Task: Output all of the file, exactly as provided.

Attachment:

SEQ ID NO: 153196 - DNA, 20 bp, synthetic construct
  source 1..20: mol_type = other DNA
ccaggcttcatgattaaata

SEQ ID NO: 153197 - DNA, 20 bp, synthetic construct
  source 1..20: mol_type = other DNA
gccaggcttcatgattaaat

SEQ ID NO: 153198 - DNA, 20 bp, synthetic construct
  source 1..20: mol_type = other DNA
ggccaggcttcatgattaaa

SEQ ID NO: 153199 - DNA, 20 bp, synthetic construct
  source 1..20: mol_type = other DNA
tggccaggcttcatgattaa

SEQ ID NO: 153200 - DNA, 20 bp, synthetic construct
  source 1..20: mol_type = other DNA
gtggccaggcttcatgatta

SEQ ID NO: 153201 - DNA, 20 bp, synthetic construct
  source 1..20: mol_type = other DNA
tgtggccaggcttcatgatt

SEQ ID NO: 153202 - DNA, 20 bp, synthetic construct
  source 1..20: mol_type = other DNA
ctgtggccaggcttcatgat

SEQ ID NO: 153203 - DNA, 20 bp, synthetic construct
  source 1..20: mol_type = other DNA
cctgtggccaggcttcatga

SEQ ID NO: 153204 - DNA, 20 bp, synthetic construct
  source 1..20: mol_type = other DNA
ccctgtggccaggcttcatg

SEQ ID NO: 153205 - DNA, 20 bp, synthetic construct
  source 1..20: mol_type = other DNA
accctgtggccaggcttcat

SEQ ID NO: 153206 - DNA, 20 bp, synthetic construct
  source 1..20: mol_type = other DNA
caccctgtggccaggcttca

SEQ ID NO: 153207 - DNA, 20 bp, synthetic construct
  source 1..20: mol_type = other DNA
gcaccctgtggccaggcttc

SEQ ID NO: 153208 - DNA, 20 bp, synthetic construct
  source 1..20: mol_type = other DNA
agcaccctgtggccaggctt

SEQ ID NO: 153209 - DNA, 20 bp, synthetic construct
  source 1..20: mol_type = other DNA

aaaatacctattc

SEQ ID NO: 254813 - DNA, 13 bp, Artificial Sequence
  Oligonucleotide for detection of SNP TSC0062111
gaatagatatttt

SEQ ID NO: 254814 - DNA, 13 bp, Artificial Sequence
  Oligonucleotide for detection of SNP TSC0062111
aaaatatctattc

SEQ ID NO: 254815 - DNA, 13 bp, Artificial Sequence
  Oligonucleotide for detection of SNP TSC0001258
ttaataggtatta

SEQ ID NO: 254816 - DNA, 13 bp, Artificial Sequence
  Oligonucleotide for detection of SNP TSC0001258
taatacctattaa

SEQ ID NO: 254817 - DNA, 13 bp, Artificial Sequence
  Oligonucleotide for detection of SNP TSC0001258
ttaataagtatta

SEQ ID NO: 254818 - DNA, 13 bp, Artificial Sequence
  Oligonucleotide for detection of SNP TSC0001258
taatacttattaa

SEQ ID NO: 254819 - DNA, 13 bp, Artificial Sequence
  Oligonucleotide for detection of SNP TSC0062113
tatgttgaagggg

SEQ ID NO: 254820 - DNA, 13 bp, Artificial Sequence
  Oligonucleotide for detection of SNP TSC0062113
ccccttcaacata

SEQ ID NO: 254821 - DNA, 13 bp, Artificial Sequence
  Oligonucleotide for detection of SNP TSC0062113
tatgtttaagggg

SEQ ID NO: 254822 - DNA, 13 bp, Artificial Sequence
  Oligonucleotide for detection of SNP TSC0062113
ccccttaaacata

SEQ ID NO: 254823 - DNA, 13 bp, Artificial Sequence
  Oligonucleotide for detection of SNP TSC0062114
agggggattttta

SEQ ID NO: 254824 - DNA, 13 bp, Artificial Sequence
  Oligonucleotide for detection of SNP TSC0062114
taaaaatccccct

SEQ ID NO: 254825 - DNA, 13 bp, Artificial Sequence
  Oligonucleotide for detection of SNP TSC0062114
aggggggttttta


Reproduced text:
SEQ ID NO: 153196 - DNA, 20 bp, synthetic construct
  source 1..20: mol_type = other DNA
ccaggcttcatgattaaata

SEQ ID NO: 153197 - DNA, 20 bp, synthetic construct
  source 1..20: mol_type = other DNA
gccaggcttcatgattaaat

SEQ ID NO: 153198 - DNA, 20 bp, synthetic construct
  source 1..20: mol_type = other DNA
ggccaggcttcatgattaaa

SEQ ID NO: 153199 - DNA, 20 bp, synthetic construct
  source 1..20: mol_type = other DNA
tggccaggcttcatgattaa

SEQ ID NO: 153200 - DNA, 20 bp, synthetic construct
  source 1..20: mol_type = other DNA
gtggccaggcttcatgatta

SEQ ID NO: 153201 - DNA, 20 bp, synthetic construct
  source 1..20: mol_type = other DNA
tgtggccaggcttcatgatt

SEQ ID NO: 153202 - DNA, 20 bp, synthetic construct
  source 1..20: mol_type = other DNA
ctgtggccaggcttcatgat

SEQ ID NO: 153203 - DNA, 20 bp, synthetic construct
  source 1..20: mol_type = other DNA
cctgtggccaggcttcatga

SEQ ID NO: 153204 - DNA, 20 bp, synthetic construct
  source 1..20: mol_type = other DNA
ccctgtggccaggcttcatg

SEQ ID NO: 153205 - DNA, 20 bp, synthetic construct
  source 1..20: mol_type = other DNA
accctgtggccaggcttcat

SEQ ID NO: 153206 - DNA, 20 bp, synthetic construct
  source 1..20: mol_type = other DNA
caccctgtggccaggcttca

SEQ ID NO: 153207 - DNA, 20 bp, synthetic construct
  source 1..20: mol_type = other DNA
gcaccctgtggccaggcttc

SEQ ID NO: 153208 - DNA, 20 bp, synthetic construct
  source 1..20: mol_type = other DNA
agcaccctgtggccaggctt

SEQ ID NO: 153209 - DNA, 20 bp, synthetic construct
  source 1..20: mol_type = other DNA

aaaatacctattc

SEQ ID NO: 254813 - DNA, 13 bp, Artificial Sequence
  Oligonucleotide for detection of SNP TSC0062111
gaatagatatttt

SEQ ID NO: 254814 - DNA, 13 bp, Artificial Sequence
  Oligonucleotide for detection of SNP TSC0062111
aaaatatctattc

SEQ ID NO: 254815 - DNA, 13 bp, Artificial Sequence
  Oligonucleotide for detection of SNP TSC0001258
ttaataggtatta

SEQ ID NO: 254816 - DNA, 13 bp, Artificial Sequence
  Oligonucleotide for detection of SNP TSC0001258
taatacctattaa

SEQ ID NO: 254817 - DNA, 13 bp, Artificial Sequence
  Oligonucleotide for detection of SNP TSC0001258
ttaataagtatta

SEQ ID NO: 254818 - DNA, 13 bp, Artificial Sequence
  Oligonucleotide for detection of SNP TSC0001258
taatacttattaa

SEQ ID NO: 254819 - DNA, 13 bp, Artificial Sequence
  Oligonucleotide for detection of SNP TSC0062113
tatgttgaagggg

SEQ ID NO: 254820 - DNA, 13 bp, Artificial Sequence
  Oligonucleotide for detection of SNP TSC0062113
ccccttcaacata

SEQ ID NO: 254821 - DNA, 13 bp, Artificial Sequence
  Oligonucleotide for detection of SNP TSC0062113
tatgtttaagggg

SEQ ID NO: 254822 - DNA, 13 bp, Artificial Sequence
  Oligonucleotide for detection of SNP TSC0062113
ccccttaaacata

SEQ ID NO: 254823 - DNA, 13 bp, Artificial Sequence
  Oligonucleotide for detection of SNP TSC0062114
agggggattttta

SEQ ID NO: 254824 - DNA, 13 bp, Artificial Sequence
  Oligonucleotide for detection of SNP TSC0062114
taaaaatccccct

SEQ ID NO: 254825 - DNA, 13 bp, Artificial Sequence
  Oligonucleotide for detection of SNP TSC0062114
aggggggttttta